Long Beach, CA
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File #: 22-0474    Version: 1 Name: CD6 - API Heritage Month
Type: Agenda Item Status: Approved
File created: 4/25/2022 In control: City Council
On agenda: 5/3/2022 Final action: 5/3/2022
Title: Recommendation to recognize and celebrate Asian Pacific Islander American Heritage month.
Sponsors: COUNCILWOMAN SUELY SARO, SIXTH DISTRICT, COUNCILWOMAN MARY ZENDEJAS, FIRST DISTRICT, VICE MAYOR REX RICHARDSON, NINTH DISTRICT
Attachments: 1. 050322-R-15sr.pdf

TITLE

Recommendation to recognize and celebrate Asian Pacific Islander American Heritage month.

 

DISCUSSION

May is Asian Pacific Islander American Heritage Month - a celebration of Asians and Pacific Islanders in the United States. The month of May was chosen to commemorate the immigration of the first Japanese to the United States on May 7, 1843, and to mark the anniversary of the completion of the transcontinental railroad on May 10, 1869. Many of the workers who laid the tracks were Chinese immigrants.

 

Asian Pacific Islander American (APIA) have cultivated and advanced the fields of the arts and humanities, business, education, information technology, law, public safety, science, sports, and the environment and revitalized many of California’s communities while bringing new ideas and economic opportunities.

 

In Long Beach, Asians make up 12.6% and Native Hawaiian or Pacific Islanders make up 1.1% of Long Beach’s 462,257 population. That is 58,244 Asians and 5,085 Native Hawaiian or Pacific Islanders in Long Beach (U.S Census, 2010). APIA have a long and rich history in Long Beach. Japanese began arriving in Long Beach in the early 20th century and by 1907 almost 200 Issei had established small businesses and farms on land they rented or worked as sharecroppers. On 1942, Executive Order 9066 was authorized by President Roosevelt to remove Japanese nationals and Japanese Americans for internment to inland facilities. Most did not return to the city after their release from the camps. Due to this and other factors, Japanese Americans now make up less than 1% of the population of Long Beach, but the Japanese Community Center and a Japanese Buddhist Church survived.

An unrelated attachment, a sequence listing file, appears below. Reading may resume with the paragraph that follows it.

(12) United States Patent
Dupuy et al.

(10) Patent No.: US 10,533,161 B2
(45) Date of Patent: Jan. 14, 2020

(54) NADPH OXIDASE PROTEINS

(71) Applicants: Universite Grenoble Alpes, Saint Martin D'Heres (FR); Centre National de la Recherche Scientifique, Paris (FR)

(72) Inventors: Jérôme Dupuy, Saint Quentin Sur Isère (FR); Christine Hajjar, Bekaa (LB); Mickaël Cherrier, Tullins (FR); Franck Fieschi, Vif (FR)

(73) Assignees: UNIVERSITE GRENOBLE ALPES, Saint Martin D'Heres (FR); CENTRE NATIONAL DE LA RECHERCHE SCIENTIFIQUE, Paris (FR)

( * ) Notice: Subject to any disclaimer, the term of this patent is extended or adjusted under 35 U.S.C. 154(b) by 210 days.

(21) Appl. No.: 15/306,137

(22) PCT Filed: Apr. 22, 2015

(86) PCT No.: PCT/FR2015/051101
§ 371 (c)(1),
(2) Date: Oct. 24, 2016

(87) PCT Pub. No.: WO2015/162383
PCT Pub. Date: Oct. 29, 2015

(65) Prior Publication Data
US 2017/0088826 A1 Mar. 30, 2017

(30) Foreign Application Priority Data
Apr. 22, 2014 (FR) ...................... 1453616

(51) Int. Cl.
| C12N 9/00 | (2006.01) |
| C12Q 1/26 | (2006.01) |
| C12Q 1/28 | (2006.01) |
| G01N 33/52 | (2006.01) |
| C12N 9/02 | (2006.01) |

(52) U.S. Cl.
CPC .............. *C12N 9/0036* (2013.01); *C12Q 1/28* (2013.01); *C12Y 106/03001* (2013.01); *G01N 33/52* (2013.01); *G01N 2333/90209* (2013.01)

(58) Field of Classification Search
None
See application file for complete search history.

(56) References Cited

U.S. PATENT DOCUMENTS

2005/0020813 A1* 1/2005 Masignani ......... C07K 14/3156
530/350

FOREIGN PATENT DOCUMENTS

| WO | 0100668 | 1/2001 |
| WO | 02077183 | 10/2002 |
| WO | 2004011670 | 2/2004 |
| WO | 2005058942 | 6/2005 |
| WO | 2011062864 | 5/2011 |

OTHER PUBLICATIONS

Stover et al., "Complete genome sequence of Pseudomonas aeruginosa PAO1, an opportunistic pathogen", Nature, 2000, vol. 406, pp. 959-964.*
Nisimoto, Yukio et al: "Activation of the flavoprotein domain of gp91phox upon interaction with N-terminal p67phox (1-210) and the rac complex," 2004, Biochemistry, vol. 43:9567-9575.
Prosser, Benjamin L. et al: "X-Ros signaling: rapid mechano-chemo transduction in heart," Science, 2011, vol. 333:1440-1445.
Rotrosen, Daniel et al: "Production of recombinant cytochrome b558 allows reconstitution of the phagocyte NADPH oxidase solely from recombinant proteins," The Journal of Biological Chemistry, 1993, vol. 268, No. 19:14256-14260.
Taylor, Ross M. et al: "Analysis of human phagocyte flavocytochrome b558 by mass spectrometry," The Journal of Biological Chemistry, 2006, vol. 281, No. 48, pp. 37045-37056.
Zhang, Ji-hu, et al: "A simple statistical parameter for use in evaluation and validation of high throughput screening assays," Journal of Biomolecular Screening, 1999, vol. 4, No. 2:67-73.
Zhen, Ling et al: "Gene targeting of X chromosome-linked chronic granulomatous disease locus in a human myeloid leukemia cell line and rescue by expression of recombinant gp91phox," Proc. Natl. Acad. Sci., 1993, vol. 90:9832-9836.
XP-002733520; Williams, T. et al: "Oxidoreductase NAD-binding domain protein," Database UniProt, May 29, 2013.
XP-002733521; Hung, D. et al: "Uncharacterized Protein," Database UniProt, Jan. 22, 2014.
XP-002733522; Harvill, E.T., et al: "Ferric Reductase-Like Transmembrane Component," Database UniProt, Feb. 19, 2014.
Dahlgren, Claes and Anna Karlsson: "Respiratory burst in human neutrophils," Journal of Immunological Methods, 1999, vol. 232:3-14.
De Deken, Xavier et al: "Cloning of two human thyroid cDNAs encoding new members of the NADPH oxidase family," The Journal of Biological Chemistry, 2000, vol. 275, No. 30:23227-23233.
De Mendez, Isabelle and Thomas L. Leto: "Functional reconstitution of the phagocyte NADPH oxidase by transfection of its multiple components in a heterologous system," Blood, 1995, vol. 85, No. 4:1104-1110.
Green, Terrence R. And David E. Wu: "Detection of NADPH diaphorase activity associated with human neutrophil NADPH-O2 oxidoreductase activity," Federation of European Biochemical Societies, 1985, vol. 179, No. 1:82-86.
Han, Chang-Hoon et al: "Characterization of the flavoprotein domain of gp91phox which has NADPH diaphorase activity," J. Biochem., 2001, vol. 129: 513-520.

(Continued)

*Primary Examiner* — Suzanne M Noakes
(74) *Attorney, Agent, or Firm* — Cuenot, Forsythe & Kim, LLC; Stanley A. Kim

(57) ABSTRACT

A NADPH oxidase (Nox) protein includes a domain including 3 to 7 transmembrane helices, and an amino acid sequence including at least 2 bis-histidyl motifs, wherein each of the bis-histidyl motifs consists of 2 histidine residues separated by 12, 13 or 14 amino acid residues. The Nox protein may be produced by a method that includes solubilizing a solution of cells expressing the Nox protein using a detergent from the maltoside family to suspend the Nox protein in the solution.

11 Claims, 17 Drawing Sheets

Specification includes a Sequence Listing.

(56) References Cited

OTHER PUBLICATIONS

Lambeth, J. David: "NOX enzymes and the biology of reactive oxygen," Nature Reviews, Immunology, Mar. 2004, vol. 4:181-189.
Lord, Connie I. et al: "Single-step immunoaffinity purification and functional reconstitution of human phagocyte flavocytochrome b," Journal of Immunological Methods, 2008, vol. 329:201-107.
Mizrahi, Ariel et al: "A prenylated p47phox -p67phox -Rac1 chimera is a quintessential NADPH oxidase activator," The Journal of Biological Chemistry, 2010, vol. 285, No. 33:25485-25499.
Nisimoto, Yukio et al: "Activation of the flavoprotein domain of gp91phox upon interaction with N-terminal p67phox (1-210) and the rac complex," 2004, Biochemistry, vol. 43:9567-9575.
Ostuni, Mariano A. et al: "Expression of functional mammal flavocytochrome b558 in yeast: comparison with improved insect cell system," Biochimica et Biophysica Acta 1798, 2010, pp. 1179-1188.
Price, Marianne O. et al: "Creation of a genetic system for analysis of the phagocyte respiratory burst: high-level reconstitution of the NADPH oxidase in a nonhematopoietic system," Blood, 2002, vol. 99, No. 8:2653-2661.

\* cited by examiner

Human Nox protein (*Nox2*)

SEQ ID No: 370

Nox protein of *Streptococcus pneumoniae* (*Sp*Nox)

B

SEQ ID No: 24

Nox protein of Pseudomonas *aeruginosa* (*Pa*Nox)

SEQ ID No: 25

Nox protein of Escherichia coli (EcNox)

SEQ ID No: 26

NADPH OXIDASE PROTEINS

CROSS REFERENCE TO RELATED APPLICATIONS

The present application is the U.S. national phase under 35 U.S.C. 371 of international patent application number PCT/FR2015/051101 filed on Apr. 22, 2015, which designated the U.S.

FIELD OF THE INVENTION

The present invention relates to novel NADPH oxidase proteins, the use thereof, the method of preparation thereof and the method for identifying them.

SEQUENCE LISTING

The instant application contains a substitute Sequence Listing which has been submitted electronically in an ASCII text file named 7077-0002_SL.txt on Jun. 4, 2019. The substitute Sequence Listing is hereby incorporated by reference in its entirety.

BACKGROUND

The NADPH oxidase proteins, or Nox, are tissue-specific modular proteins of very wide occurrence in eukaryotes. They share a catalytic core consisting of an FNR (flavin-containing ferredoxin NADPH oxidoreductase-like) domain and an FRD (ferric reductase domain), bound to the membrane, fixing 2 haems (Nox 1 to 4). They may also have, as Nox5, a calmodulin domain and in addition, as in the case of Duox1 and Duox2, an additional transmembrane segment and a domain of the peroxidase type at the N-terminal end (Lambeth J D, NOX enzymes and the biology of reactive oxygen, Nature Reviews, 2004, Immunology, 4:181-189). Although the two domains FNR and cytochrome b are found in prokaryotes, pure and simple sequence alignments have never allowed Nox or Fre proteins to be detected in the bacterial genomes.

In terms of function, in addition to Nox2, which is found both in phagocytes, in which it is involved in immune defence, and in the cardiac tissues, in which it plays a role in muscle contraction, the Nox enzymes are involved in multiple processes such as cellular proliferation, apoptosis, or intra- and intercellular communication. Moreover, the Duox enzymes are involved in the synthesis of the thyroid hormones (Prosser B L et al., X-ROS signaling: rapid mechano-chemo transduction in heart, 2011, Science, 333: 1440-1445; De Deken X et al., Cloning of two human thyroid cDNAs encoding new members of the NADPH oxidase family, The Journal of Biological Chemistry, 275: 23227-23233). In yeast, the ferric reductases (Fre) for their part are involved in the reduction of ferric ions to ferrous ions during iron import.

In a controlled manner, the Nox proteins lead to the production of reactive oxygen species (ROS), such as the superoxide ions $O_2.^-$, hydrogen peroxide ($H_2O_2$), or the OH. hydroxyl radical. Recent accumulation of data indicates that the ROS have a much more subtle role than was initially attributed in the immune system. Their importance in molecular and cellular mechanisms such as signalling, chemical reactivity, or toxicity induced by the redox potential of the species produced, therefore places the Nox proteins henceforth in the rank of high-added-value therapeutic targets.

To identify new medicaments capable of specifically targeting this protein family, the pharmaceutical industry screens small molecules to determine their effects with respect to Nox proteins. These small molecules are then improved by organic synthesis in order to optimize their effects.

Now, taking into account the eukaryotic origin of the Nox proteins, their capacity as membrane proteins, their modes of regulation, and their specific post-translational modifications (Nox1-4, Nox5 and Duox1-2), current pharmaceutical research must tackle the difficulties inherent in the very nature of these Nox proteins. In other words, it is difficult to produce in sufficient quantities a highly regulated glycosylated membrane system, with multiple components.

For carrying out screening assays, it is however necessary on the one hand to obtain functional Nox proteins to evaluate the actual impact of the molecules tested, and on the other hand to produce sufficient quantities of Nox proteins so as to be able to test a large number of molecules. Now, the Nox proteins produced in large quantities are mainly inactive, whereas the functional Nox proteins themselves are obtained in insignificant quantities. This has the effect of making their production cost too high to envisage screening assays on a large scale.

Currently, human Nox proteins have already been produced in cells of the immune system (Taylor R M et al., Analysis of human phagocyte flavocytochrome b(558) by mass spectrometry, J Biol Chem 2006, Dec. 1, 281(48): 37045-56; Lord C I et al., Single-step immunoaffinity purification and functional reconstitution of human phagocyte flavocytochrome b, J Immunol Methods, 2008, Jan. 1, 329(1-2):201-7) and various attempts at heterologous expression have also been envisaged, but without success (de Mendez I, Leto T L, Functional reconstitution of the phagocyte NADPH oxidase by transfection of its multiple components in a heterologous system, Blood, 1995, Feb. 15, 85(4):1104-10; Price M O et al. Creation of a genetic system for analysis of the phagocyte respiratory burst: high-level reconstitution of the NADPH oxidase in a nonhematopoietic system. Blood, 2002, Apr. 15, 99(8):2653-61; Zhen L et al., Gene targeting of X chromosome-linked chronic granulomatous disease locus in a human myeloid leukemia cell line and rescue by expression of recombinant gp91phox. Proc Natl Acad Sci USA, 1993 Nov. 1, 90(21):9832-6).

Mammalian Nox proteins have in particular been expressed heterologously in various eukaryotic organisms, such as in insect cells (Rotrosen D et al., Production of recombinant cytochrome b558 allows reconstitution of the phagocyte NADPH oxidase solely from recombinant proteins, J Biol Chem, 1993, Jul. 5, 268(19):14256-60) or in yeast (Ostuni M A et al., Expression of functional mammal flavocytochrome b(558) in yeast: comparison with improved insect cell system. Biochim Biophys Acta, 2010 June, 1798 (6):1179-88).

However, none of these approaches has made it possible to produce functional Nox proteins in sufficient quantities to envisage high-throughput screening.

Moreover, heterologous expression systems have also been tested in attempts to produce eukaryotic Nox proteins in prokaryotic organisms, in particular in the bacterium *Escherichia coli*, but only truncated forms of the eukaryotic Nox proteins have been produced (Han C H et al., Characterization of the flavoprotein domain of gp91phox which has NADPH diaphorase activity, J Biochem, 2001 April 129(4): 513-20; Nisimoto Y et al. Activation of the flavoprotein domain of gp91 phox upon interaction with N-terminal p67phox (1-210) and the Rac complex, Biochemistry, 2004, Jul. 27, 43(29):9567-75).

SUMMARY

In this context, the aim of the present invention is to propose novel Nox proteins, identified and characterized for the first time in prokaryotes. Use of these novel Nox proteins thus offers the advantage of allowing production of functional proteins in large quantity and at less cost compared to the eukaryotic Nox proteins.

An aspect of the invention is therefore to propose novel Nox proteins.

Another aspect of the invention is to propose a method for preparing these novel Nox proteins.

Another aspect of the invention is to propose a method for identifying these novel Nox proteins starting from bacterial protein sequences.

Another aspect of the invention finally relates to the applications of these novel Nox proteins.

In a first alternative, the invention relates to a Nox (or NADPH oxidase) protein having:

According to U.S. Census Bureau data, concentrations of Filipinos developed in west Long Beach in the 1940s because many were enlisted in the United States Navy and that was the location of the United States Naval Shipyard. An influx of Native Hawaiians and Pacific Islanders arrived in California in the 1950s after World War II. Post-World War II, military service brought Pacific Islanders from the United States territories of American Samoa and Guam to California. Cambodian connection to Long Beach began in the early 1960s when students attended a CSU Long Beach through a program funded by USAID. Large numbers of Cambodians resettled in Long Beach beginning with evacuees following the fall of Cambodia to the Khmer Rouge in 1975, making Long Beach the largest Cambodian community in the United States.

 

As Long Beach is committed to honoring all its people, and celebrating our diversity, accomplishments, and history, it is important that we take the time to recognize Asian Pacific Islander American Heritage Month and thank the APIA community for all of its contributions to our city.

 

FISCAL IMPACT

Due to time constraints no fiscal analysis was conducted.

 

SUGGESTED ACTION

Approve recommendation.

 

 

Respectfully Submitted,

SUELY SARO COUNCILWOMAN,

SIXTH DISTRICT

 

MARY ZENDEJAS COUNCILWOMAN,

FIRST DISTRICT

 

REX RICHARDSON VICE MAYOR,

NINTH DISTRICT